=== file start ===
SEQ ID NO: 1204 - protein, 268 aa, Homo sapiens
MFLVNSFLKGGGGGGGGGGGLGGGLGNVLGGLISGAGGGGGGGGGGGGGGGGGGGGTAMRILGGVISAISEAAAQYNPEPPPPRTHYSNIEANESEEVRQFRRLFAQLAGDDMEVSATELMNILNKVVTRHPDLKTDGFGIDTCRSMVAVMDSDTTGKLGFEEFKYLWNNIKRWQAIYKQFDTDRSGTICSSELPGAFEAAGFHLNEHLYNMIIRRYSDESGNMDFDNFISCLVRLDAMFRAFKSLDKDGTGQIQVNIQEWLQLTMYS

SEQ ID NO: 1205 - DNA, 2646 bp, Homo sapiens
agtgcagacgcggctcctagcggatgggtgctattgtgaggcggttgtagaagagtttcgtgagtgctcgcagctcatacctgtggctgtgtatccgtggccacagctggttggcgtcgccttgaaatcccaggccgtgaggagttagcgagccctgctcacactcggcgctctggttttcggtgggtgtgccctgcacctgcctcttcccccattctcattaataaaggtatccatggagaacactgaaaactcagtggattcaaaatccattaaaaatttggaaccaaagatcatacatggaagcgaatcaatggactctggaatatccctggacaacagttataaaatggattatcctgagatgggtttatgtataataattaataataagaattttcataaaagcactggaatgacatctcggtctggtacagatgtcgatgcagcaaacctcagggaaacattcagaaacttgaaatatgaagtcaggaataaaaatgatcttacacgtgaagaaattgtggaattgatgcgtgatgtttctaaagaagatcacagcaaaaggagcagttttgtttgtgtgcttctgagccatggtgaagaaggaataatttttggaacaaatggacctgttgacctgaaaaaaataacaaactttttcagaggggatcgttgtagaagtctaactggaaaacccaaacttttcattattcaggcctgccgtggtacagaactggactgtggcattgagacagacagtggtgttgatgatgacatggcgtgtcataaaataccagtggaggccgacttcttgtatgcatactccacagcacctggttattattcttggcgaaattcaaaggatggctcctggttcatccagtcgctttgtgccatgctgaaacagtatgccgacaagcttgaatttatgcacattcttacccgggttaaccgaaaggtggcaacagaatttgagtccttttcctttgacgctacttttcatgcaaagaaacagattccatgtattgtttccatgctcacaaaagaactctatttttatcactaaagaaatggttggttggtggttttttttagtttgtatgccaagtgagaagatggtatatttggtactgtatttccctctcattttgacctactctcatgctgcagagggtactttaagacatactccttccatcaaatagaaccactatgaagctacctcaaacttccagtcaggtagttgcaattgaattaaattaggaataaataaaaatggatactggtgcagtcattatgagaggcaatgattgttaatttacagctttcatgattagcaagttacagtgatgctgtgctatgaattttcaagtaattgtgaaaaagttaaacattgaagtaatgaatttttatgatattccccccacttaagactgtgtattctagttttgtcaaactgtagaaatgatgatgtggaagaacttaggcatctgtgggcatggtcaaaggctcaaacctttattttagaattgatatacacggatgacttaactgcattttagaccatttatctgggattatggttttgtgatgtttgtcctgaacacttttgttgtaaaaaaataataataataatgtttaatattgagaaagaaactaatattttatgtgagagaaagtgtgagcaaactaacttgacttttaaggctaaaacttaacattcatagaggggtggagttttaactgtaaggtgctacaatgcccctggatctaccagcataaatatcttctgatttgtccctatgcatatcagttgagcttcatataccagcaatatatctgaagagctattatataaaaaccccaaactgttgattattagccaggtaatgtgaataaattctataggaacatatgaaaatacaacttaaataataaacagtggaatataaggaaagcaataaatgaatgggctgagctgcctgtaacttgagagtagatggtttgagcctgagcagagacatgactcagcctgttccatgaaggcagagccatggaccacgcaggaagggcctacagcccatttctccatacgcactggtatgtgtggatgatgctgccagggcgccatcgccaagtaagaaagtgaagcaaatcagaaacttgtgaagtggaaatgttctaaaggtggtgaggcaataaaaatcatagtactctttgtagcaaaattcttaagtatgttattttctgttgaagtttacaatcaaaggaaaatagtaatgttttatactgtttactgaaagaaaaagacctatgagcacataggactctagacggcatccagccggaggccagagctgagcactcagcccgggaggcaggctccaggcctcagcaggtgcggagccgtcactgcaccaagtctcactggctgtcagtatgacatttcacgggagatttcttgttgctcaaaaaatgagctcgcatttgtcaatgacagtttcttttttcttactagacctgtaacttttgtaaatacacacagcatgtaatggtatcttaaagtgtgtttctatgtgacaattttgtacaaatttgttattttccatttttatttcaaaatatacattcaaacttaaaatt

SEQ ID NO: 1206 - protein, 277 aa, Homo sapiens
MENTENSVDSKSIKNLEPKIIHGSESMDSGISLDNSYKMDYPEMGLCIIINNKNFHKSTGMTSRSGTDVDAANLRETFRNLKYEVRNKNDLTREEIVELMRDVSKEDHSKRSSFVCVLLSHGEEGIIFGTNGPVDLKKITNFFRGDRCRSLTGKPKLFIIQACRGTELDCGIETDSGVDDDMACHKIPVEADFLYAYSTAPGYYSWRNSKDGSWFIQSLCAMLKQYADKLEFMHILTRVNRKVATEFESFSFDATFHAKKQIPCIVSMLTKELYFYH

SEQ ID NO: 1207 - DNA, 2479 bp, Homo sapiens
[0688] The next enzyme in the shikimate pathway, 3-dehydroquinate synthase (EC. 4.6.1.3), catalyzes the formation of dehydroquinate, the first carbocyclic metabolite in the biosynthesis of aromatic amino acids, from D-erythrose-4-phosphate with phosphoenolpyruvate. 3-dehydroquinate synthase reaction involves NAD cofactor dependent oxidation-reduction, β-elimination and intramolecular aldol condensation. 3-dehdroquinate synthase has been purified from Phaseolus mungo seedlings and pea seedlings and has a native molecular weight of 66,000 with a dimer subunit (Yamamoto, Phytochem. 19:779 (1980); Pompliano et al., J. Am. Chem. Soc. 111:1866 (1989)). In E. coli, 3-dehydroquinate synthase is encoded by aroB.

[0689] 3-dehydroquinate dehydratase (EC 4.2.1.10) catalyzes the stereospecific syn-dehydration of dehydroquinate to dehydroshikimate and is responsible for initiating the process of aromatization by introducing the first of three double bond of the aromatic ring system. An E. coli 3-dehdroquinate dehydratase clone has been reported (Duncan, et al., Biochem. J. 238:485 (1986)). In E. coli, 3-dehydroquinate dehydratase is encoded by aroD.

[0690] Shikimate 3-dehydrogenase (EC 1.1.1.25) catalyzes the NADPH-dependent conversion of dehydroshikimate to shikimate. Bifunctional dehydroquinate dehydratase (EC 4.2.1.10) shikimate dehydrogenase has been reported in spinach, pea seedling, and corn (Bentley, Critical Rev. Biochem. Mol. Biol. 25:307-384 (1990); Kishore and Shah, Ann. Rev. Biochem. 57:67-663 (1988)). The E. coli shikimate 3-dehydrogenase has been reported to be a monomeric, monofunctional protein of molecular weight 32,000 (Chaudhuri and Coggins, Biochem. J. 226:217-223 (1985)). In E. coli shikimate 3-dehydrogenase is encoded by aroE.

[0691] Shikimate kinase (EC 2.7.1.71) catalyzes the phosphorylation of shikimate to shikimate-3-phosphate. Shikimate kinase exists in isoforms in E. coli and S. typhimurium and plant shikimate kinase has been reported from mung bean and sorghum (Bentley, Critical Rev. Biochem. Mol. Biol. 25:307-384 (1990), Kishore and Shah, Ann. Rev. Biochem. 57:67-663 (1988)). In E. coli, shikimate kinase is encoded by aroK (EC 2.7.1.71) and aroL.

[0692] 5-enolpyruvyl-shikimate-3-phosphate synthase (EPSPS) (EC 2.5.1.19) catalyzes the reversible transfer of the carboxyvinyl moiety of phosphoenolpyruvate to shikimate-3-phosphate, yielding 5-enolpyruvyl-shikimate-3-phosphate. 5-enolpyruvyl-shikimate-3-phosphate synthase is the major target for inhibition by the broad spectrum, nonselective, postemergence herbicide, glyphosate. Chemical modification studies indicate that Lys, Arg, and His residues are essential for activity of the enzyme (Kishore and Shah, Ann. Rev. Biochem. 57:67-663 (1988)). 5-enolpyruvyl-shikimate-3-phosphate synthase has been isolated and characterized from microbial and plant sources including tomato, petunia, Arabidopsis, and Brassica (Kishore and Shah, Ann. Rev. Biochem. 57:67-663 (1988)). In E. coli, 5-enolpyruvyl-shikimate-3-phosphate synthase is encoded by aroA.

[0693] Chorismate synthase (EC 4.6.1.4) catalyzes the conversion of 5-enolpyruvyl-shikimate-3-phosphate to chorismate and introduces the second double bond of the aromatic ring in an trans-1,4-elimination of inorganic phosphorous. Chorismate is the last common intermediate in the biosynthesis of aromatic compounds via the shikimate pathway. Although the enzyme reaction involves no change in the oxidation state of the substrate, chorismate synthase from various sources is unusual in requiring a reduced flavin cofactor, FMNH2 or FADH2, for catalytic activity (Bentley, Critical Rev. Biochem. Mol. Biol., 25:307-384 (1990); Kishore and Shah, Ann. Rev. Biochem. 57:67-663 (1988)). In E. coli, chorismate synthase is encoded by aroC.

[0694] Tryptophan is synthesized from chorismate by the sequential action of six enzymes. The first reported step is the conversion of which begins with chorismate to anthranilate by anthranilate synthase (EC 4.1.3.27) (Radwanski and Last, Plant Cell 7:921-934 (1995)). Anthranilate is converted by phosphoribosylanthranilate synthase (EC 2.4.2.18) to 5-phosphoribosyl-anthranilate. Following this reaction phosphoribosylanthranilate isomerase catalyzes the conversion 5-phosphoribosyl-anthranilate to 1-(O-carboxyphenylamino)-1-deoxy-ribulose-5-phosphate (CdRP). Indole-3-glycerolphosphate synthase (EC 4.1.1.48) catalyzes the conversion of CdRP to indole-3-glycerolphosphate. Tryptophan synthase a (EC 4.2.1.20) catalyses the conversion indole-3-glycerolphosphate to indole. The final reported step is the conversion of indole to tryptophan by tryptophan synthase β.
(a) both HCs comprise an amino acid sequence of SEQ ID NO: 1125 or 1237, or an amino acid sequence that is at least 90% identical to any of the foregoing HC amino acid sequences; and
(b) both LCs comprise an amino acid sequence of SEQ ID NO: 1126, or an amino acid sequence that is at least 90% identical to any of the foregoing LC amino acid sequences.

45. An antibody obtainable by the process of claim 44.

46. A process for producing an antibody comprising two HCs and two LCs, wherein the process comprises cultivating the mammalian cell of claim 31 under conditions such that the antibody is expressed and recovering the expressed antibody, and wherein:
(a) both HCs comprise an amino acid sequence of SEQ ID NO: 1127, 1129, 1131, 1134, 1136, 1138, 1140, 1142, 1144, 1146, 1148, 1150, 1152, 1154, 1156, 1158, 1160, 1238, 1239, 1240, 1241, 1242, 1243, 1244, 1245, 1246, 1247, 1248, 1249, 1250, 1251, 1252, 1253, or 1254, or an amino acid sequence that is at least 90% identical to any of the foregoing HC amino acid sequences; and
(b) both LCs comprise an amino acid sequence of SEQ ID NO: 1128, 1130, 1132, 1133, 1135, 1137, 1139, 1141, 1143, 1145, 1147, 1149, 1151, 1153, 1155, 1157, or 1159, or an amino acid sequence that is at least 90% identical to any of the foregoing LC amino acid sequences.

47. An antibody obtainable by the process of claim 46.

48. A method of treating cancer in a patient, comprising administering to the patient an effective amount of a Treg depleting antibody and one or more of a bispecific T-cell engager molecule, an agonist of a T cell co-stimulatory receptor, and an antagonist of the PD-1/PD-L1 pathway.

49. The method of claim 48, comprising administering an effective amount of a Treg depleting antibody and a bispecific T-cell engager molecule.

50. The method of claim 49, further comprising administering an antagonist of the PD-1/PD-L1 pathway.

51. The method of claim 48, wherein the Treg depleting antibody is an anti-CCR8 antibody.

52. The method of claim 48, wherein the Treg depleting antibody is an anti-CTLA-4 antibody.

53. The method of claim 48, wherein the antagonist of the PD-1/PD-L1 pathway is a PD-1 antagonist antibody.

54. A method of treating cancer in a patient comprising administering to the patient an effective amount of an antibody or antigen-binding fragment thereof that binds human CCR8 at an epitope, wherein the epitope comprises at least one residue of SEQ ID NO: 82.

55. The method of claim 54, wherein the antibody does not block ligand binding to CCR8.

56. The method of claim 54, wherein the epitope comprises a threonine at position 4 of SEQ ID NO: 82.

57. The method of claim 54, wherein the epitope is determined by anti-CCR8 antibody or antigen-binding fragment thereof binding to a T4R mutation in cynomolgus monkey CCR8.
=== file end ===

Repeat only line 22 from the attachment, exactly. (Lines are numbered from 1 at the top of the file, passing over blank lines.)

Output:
48. A method of treating cancer in a patient, comprising administering to the patient an effective amount of a Treg depleting antibody and one or more of a bispecific T-cell engager molecule, an agonist of a T cell co-stimulatory receptor, and an antagonist of the PD-1/PD-L1 pathway.